An artist in the garden

There are often artists in the garden. Some bring easels and paints, others bring notebooks and pens, or just their imagination. Ellen Hoverkamp brought her flatbed scanner and laptop.

If you did as I suggested back in May and bought Ken Druse’s latest book, Natural Companions: A Garden Lover’s Guide to Plant Combinations, you’d recognize Ellen as the artist who so beautifully illustrated those pages.

For two full days last week Ellen was an artist in residence, camped out in the carriage house making bee-like forays back and forth into the gardens for stems and branches.

She drew the shades and made the room as dark as possible to create portraits of Blithewold’s gardens on the surface of her scanner that have the immediacy of a plein air painting with the detail of a botanical etching months in the making. Given the ephemeral nature of cut specimen, Ellen has to work quickly to capture their vitality but what isn’t obvious, because the images are so fresh, is how much time she takes and how much care she puts into each composition. It’s only when you really stare into their details that you notice the details within the details. How one flower sort of speaks to another and how the eye is allowed to travel around without slamming against anything out of place.

I probably wouldn’t even be aware of how perfect her compositions are (which is part of what makes them so enjoyable) except that when I visited her at the end of my work day, she was taking tweezers to a tiny portion of a petal in a corner of the corner that didn’t hit her eye quite right and showed no sign of fatigue. She’s got serious skill wrapped around the kind of hyper-critical perfectionist temperament artists are often born with, coupled with a patience some of us (I) lack. It was such a wonderful treat to get to get a glimpse of her process and help her pick from the gardens. And I’m thrilled that she’ll be back next Thursday, 6-8pm to show off what she made here. Come if you possibly can. Her work is inspiring on its own but her enthusiasm adds a-whole-nother dimension to it. And if you haven’t bought a copy of the book yet you’ll have that chance as well. I’m hoping she’ll have prints for sale too. There’s one I covet of the pollinator bed, with a sprig of Boltonia ‘Nally’s Lime Dot’ whispering in the ear of a big orange dahlia, that has me seriously reconsidering whether I really need things like lightbulbs, toothpaste, and trousers more than art…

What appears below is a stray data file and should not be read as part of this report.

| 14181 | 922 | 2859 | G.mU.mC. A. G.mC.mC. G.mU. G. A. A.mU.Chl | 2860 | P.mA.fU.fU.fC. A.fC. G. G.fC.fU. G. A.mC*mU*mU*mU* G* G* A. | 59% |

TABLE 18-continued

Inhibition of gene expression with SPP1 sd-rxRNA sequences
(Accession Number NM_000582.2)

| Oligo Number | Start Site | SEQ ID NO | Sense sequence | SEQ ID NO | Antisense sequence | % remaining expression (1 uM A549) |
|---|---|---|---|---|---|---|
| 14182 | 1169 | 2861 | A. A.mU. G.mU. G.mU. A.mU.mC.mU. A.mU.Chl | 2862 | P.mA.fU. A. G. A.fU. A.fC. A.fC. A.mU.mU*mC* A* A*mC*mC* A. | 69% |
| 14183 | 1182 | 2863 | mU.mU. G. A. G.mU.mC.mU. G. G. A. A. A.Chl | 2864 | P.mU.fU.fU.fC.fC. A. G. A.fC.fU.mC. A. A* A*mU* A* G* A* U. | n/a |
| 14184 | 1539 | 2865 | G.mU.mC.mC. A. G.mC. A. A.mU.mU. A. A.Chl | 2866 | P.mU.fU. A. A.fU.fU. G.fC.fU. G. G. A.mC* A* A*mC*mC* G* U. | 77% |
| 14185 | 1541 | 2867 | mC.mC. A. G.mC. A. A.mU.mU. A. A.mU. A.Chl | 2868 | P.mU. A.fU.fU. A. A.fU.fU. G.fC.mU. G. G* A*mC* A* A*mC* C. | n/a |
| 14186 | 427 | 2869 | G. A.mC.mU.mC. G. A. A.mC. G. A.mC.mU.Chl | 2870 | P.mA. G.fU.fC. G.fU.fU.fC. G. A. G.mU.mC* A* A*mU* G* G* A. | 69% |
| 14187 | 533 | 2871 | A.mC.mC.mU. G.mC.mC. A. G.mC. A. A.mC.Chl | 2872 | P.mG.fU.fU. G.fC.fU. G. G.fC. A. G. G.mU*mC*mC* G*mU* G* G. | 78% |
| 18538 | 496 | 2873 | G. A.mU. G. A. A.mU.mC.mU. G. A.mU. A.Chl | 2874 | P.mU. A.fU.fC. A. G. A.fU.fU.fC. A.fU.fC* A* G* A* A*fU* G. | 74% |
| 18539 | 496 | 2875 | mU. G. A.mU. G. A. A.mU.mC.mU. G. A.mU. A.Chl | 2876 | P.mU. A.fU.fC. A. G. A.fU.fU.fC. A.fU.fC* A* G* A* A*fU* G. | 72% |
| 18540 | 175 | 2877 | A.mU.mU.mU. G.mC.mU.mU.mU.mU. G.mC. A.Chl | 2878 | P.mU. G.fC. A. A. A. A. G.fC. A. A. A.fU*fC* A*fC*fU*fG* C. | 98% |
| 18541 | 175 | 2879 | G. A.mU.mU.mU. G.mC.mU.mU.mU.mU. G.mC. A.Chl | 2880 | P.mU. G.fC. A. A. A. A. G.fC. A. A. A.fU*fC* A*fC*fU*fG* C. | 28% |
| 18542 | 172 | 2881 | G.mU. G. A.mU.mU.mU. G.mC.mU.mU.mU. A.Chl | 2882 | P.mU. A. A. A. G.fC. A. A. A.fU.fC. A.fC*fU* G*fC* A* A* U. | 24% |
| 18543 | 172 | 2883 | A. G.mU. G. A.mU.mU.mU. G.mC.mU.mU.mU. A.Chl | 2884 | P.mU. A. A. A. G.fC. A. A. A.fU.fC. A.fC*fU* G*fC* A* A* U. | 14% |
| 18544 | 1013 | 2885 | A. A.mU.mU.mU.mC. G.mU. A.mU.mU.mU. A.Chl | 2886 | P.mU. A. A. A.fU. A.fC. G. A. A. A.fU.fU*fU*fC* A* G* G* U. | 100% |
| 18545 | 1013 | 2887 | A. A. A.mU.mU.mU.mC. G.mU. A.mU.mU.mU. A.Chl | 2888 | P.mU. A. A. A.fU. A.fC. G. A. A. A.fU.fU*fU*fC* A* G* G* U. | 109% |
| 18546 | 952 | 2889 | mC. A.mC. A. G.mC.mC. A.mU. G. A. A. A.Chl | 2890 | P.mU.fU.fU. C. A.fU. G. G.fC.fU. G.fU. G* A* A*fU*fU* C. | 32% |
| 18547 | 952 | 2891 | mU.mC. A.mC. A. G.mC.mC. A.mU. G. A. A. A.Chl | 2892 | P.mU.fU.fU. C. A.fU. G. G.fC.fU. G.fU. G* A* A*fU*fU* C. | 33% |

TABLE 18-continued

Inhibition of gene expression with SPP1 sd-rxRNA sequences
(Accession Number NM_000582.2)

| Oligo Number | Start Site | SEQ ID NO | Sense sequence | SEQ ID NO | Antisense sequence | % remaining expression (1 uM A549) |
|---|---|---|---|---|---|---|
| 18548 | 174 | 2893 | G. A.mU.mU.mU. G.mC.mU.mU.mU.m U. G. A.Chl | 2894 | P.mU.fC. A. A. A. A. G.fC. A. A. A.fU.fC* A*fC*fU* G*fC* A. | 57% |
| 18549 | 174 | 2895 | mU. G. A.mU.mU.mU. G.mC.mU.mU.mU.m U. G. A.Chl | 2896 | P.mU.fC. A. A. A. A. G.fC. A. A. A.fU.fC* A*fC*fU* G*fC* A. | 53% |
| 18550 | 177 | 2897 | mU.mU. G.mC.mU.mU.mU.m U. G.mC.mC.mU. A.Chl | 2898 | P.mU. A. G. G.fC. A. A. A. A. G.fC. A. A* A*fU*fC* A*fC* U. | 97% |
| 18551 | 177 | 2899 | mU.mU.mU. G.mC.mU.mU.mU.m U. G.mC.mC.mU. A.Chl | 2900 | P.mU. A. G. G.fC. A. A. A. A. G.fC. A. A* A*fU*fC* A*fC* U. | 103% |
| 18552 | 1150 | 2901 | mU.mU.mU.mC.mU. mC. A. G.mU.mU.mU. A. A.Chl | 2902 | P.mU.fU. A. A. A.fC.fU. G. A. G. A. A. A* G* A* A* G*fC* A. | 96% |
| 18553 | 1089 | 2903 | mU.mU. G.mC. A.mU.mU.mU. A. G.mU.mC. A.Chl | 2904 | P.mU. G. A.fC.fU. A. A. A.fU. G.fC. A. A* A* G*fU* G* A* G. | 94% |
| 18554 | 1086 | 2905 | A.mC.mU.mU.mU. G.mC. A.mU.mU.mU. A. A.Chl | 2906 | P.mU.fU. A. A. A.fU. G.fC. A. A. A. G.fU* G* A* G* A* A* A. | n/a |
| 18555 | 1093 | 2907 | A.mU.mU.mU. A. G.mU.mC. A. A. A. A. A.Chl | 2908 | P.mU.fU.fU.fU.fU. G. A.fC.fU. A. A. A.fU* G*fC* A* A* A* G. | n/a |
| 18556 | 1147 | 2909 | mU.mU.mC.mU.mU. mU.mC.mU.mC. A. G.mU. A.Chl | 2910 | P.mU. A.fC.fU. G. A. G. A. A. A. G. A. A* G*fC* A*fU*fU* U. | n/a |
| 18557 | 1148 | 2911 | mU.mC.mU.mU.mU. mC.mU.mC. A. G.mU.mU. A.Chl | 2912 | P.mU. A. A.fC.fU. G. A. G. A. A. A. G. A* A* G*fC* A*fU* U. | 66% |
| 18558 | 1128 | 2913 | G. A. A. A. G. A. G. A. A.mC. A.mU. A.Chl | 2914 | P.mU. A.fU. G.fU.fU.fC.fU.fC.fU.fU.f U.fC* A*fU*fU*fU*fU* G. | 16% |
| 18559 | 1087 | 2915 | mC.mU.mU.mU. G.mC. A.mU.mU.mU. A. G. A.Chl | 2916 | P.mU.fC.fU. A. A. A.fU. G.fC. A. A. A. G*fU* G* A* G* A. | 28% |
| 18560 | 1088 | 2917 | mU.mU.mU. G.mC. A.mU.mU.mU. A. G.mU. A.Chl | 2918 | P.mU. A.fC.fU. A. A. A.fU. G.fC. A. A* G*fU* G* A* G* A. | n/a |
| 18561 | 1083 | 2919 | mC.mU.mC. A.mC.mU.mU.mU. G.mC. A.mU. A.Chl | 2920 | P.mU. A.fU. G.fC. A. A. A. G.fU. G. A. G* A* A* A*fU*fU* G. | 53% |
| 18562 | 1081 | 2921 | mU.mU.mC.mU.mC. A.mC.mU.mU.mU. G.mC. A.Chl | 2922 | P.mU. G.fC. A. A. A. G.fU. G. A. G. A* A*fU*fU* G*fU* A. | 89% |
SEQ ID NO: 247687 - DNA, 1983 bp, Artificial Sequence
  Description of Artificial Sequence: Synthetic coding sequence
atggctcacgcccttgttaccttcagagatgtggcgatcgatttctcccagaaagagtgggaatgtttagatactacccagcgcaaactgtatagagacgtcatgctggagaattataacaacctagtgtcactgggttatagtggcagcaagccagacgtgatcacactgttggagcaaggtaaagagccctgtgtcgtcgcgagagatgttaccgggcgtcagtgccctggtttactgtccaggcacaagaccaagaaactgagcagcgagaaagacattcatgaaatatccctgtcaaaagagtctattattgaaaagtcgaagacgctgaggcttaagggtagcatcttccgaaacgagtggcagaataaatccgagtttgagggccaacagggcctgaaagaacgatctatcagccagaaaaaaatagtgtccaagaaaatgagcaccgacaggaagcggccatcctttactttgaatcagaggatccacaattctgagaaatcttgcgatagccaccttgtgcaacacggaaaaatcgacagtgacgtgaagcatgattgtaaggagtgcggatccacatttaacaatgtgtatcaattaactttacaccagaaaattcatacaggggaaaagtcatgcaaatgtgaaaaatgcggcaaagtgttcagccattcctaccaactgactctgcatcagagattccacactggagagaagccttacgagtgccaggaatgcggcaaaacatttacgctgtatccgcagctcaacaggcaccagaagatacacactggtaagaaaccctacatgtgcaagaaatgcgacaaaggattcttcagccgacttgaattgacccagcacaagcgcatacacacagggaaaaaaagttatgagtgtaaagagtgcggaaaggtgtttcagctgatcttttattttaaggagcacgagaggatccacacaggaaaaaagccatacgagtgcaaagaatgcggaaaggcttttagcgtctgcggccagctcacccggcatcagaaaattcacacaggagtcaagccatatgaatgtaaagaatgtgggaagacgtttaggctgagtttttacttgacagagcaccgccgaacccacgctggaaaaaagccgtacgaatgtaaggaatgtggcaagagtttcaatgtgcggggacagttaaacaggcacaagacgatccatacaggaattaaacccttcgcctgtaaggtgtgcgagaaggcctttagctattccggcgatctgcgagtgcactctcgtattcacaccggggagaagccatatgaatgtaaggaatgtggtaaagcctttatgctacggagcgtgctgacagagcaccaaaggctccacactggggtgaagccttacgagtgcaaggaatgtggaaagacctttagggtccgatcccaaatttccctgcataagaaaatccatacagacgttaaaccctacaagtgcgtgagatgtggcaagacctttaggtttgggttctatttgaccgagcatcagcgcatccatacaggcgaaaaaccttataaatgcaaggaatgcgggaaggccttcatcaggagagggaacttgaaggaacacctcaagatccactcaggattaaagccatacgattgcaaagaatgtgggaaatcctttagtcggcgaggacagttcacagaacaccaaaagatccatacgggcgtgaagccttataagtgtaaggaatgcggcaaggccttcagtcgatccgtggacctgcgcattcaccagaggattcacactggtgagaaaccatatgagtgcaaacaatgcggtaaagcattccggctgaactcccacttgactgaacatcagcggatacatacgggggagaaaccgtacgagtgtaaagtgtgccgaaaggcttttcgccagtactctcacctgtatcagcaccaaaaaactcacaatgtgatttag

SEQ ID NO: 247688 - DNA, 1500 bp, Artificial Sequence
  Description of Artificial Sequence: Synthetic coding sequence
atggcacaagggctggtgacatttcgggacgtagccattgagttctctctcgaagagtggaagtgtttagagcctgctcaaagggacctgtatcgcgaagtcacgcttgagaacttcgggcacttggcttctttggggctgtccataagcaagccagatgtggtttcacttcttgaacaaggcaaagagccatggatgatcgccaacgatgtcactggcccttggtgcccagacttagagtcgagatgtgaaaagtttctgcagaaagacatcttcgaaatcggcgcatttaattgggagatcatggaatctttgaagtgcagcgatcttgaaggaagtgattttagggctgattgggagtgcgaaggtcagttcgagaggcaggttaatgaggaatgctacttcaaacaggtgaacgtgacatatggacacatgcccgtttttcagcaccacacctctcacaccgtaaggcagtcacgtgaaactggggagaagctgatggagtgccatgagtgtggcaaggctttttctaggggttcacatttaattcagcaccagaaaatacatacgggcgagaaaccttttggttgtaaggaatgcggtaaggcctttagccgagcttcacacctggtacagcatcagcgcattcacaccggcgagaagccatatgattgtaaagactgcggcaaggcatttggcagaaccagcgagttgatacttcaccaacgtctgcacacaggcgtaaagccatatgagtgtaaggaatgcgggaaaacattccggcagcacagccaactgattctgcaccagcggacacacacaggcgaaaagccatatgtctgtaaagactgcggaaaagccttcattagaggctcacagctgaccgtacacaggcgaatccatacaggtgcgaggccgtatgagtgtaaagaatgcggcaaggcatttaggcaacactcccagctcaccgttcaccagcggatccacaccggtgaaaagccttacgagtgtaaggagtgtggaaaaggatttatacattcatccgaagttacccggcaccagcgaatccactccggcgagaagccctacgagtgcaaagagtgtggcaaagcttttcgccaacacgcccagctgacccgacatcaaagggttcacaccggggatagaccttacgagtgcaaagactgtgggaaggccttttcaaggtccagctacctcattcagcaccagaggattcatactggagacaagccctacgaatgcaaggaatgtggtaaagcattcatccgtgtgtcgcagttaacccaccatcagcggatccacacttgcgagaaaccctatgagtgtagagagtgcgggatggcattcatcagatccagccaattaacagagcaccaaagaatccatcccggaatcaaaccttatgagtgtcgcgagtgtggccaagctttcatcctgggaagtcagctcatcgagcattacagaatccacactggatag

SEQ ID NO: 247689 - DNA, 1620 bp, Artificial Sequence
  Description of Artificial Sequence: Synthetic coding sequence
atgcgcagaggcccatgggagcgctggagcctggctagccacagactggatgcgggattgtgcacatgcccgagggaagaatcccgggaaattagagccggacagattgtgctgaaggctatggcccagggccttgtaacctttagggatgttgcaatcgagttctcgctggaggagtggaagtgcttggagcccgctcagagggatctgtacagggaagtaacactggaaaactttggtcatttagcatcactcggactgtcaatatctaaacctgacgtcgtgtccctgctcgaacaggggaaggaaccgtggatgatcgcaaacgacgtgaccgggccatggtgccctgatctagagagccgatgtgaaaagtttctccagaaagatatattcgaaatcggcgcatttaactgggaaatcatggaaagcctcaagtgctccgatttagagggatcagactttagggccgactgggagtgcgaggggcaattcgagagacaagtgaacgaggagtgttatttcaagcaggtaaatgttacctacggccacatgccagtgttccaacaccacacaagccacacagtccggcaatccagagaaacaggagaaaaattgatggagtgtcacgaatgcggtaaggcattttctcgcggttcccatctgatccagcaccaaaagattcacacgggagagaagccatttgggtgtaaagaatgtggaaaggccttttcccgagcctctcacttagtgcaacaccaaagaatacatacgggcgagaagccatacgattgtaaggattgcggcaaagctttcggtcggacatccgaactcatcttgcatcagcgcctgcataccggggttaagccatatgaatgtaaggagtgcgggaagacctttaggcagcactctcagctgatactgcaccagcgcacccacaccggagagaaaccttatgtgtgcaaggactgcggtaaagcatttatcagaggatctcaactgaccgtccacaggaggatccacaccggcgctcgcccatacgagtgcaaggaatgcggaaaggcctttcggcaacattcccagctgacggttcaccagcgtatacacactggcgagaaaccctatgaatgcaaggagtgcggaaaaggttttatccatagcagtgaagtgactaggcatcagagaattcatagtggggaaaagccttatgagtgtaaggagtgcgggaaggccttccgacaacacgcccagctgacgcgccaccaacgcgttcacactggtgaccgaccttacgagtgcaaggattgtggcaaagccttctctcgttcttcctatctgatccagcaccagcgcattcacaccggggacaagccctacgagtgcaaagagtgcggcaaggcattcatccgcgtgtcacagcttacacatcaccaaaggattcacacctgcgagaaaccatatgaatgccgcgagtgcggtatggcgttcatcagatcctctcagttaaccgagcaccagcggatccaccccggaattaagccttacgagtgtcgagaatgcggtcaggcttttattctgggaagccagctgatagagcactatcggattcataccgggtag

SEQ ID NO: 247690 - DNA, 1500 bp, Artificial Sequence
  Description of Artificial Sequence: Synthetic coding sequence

Have you met Ellen or her art yet? Will you come on Thursday?